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The Living Wage: Showcasing the latest cutting edge research
Date: 18 November 2021
This webinar launches the European Journal of Work and Organisational Psychology’s special issue on living wages, and the EAWOP & ESRC Impact Accelerator Living Wage game.
HR and researchers
Students and the public interested in living wages
Workers from marginalized and vulnerable groups have been struck hardest by the Covid-19 pandemic, precarious contracts and working conditions increasing their exposure to the virus. This webinar links to an European Journal of Work and Organisational Psychology’s special issue on living wages, to reveal how WOP research can contribute to societal grand challenges such as poverty and inequality. The topic of living wages is pertinent for all workers especially those involved in informal and precarious work, regardless of contexts and country. Through 5 short talks the latest WOP conceptual, methodological and empirical work in this area will be showcased, to raise practical questions, and help inform new research agenda.
Those attending this event will gain insight into the WOP science of living wages, with 5 short talks that will how WOP science is expanding knowledge of the impact and consequences of low paid work on workers, organisations and societies. They will have a preview of the new serious game that can be used to raise awareness of low paid work and the experiences for workers and organisations.
This event is part of the ESRC Festival of Social Science 2021 and was made possible thanks to funding from the Economic and Social Research Council (ESRC), which is part of UK Research and Innovation (UKRI).
Edinburgh and the Living Wage
Date: 16 November 2021
Today, we publish the webinar from the ESRC FoSS on “Edinburgh and the Living Wage”, held on 16 November 2021, as part of a series of events during Living Wage Week.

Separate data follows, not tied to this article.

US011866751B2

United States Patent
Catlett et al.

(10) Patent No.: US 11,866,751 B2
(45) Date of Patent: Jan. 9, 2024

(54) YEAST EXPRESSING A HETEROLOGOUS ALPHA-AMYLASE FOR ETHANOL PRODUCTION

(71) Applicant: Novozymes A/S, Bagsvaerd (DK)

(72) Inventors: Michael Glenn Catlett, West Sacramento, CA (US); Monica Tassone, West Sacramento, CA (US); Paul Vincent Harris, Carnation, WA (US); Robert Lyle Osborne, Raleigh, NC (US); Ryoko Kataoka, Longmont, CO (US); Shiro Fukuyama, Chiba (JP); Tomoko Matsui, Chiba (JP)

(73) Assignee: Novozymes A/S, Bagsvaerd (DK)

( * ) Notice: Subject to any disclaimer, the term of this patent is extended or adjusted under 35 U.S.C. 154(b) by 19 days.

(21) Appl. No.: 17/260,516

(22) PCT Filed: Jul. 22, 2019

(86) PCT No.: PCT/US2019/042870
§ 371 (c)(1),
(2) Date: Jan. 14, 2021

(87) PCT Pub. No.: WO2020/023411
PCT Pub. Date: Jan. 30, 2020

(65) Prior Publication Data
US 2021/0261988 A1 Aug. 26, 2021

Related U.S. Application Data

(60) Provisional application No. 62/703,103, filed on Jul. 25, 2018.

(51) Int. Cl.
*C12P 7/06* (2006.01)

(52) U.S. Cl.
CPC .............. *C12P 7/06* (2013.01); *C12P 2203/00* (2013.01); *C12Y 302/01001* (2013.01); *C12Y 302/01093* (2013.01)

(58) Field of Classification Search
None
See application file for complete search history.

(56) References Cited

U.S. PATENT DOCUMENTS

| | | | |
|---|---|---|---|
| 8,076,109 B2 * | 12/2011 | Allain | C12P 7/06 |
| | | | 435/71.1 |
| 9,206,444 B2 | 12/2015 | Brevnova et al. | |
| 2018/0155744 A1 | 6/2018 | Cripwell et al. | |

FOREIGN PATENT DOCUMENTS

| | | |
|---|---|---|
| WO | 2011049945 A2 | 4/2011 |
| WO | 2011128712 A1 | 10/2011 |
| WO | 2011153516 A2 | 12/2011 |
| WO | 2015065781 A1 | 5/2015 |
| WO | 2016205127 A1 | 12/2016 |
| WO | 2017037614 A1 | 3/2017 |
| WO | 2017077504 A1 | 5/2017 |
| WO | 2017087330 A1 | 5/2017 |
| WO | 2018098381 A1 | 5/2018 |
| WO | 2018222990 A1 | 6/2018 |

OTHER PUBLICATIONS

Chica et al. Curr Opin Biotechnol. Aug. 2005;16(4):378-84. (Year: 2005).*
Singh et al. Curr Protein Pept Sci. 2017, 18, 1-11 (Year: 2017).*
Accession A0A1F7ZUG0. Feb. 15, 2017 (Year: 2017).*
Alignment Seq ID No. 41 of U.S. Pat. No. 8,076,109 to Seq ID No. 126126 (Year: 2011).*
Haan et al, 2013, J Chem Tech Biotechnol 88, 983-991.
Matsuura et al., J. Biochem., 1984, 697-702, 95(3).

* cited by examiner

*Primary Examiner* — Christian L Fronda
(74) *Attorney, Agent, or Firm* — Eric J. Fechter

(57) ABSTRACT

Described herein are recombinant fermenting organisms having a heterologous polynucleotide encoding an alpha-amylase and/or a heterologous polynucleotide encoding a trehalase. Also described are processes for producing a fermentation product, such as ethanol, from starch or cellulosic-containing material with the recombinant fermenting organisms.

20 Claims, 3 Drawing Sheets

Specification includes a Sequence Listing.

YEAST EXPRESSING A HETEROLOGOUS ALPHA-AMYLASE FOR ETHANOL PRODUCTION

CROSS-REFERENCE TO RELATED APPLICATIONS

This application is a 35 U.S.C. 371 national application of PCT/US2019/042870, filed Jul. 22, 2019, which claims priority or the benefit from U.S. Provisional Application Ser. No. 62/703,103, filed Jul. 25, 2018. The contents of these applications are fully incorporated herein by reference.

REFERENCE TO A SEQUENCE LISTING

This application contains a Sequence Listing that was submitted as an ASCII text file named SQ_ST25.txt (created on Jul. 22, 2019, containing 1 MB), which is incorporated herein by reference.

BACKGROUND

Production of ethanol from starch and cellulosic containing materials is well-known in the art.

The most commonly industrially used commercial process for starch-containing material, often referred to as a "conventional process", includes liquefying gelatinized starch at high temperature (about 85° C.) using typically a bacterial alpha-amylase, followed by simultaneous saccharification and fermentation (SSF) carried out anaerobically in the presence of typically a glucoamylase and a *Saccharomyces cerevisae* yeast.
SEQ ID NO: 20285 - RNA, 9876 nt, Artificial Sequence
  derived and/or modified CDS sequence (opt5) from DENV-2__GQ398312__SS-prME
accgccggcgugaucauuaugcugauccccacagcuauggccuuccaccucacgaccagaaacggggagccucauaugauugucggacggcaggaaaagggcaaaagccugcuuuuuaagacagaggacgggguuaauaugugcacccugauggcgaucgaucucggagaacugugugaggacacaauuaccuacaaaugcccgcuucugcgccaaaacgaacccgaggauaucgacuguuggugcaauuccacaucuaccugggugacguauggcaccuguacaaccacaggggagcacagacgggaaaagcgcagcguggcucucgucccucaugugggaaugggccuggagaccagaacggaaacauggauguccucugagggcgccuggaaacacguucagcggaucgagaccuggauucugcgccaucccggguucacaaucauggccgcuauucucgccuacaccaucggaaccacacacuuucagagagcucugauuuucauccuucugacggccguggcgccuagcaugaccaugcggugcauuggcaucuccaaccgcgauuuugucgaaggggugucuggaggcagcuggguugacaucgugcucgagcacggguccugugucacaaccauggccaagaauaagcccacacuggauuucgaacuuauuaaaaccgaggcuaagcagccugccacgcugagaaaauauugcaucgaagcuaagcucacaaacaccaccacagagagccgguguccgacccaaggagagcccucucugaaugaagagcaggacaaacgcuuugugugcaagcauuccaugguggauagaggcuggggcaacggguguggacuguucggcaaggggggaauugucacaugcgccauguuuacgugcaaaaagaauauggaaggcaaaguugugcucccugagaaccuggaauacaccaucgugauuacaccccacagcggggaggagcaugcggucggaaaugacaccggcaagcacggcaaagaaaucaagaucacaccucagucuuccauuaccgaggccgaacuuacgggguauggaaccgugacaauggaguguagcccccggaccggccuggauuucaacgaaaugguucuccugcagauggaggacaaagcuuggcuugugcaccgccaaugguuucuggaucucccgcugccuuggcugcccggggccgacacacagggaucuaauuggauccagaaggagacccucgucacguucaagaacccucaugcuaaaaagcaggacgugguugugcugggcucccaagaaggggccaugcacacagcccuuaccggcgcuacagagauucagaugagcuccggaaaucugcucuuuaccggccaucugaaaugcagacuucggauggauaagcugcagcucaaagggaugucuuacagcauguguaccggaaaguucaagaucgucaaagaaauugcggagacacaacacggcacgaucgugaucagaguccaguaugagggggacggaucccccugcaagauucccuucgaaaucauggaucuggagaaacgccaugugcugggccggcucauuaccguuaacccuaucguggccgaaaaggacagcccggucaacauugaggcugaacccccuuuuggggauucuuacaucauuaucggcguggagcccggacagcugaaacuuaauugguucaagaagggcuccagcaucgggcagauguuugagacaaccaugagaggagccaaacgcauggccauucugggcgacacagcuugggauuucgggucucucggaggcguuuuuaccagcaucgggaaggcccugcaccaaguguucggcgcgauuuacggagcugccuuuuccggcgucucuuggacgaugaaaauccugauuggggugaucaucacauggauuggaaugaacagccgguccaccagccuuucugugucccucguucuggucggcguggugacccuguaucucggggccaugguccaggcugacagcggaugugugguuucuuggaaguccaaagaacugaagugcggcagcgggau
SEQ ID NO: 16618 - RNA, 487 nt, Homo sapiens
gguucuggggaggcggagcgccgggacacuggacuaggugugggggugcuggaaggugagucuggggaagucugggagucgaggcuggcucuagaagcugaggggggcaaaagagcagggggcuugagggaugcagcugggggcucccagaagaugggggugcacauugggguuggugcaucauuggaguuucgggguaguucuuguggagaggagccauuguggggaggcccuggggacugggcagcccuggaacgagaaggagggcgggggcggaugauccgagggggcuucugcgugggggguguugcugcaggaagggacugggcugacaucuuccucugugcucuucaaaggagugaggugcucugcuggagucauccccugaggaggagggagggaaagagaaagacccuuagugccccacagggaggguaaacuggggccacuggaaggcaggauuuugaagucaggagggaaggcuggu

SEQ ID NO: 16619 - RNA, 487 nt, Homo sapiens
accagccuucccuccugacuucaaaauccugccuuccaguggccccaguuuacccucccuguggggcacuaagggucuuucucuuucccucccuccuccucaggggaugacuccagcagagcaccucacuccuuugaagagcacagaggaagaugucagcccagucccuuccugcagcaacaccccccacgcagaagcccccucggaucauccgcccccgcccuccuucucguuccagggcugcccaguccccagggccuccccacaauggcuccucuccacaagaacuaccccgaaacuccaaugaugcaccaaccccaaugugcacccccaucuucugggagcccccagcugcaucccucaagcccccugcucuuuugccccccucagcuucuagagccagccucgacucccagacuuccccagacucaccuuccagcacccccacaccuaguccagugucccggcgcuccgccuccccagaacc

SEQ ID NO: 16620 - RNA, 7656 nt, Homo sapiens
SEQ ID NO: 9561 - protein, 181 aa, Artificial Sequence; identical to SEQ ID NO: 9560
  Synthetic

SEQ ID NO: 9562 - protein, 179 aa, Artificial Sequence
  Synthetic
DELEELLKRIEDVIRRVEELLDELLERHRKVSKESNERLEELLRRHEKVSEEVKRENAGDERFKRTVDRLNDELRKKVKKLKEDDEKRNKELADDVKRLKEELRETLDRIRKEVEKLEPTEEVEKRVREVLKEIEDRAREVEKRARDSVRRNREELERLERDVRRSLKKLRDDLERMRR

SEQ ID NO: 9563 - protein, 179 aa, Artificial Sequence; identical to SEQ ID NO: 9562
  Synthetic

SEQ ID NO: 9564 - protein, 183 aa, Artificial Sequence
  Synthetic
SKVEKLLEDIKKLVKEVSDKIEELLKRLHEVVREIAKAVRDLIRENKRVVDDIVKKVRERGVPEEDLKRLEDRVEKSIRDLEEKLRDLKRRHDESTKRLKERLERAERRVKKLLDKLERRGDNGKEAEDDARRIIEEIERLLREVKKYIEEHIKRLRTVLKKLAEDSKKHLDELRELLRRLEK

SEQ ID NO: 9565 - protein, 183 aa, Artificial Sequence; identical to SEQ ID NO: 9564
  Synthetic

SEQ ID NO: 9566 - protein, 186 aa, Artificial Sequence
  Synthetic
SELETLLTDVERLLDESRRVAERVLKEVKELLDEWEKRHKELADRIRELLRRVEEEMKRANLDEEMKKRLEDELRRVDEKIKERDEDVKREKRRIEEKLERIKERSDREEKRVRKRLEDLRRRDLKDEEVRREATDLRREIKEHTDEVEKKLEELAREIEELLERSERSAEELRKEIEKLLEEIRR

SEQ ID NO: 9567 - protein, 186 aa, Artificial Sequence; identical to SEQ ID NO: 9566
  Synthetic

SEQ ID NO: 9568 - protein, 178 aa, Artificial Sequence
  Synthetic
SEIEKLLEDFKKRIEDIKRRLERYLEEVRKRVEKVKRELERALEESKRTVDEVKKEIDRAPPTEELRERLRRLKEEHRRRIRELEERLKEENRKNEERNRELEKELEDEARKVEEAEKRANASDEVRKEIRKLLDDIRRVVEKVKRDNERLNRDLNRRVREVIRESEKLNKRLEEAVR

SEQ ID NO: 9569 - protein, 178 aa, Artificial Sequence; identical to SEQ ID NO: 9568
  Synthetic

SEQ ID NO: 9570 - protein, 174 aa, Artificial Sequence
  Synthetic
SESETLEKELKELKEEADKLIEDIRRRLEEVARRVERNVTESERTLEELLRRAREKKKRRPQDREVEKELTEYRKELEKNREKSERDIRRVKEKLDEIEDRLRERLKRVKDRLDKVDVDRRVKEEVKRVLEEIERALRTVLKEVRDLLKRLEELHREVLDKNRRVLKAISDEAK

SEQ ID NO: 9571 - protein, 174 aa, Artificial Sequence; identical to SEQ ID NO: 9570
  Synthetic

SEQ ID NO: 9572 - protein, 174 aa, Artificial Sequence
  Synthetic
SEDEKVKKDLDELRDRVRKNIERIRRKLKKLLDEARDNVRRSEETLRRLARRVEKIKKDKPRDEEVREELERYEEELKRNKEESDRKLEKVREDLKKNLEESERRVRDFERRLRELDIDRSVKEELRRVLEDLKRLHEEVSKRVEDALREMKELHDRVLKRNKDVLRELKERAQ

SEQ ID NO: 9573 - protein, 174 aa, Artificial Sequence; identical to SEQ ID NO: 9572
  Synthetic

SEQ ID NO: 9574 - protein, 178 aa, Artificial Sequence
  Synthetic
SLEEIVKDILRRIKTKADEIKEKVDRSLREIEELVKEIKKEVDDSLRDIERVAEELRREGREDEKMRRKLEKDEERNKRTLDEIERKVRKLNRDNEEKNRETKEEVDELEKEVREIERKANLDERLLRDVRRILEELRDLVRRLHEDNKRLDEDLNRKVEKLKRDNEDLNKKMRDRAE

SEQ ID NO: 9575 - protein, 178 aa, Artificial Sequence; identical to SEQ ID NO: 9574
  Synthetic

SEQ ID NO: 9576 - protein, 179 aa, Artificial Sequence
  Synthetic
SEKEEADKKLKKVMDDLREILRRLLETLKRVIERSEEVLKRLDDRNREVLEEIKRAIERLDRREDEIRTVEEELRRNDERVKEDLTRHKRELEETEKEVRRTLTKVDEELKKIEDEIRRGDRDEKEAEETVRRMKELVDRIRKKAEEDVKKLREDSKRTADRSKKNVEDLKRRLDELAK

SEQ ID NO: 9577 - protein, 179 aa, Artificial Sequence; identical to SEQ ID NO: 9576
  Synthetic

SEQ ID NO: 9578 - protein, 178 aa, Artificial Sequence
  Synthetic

This event launched Edinburgh City Council’s Living Wage City initiative and brought together Living Wage Scotland, the EAWOP impact incubator, Edinburgh City Council, the Adam Smith Business School of the University of Glasgow and University of Edinburgh Business School.
In the video you will meet the policy makers, employers and employees, trade unions and NGOs, working together — and informed by work psychological science — to make the active evidence-based decisions to include living wages as part of the city’s strategy. It recognises this critical part of work and how it is structured and remunerated, not just for businesses, but for wider society.
If you would like to find out more, please look under our Decent Work heading for free access to the science and policy briefs on this topic, or Living Wage Scotland which will be able to support you and your business to making this change.
Threats and Securities
Animation Launch Webinar
Date: 8 June 2021
Bad apples, stressed apples or learning apples? Translating work psychological science on how employee-based threats arise.
An animation, four short talks and a practitioners panel unpacking the WOP science behind this product.
Prof Deanne Den Hartog – University of Amsterdam – outlined some of her recent work that considers how to identify “bad apples” employees and their impacts for organisations.
Prof Rosalind Searle – University of Glasgow – explored the science behind social learning, drawing from studies of how corrupting influences can spread between employees in organisations.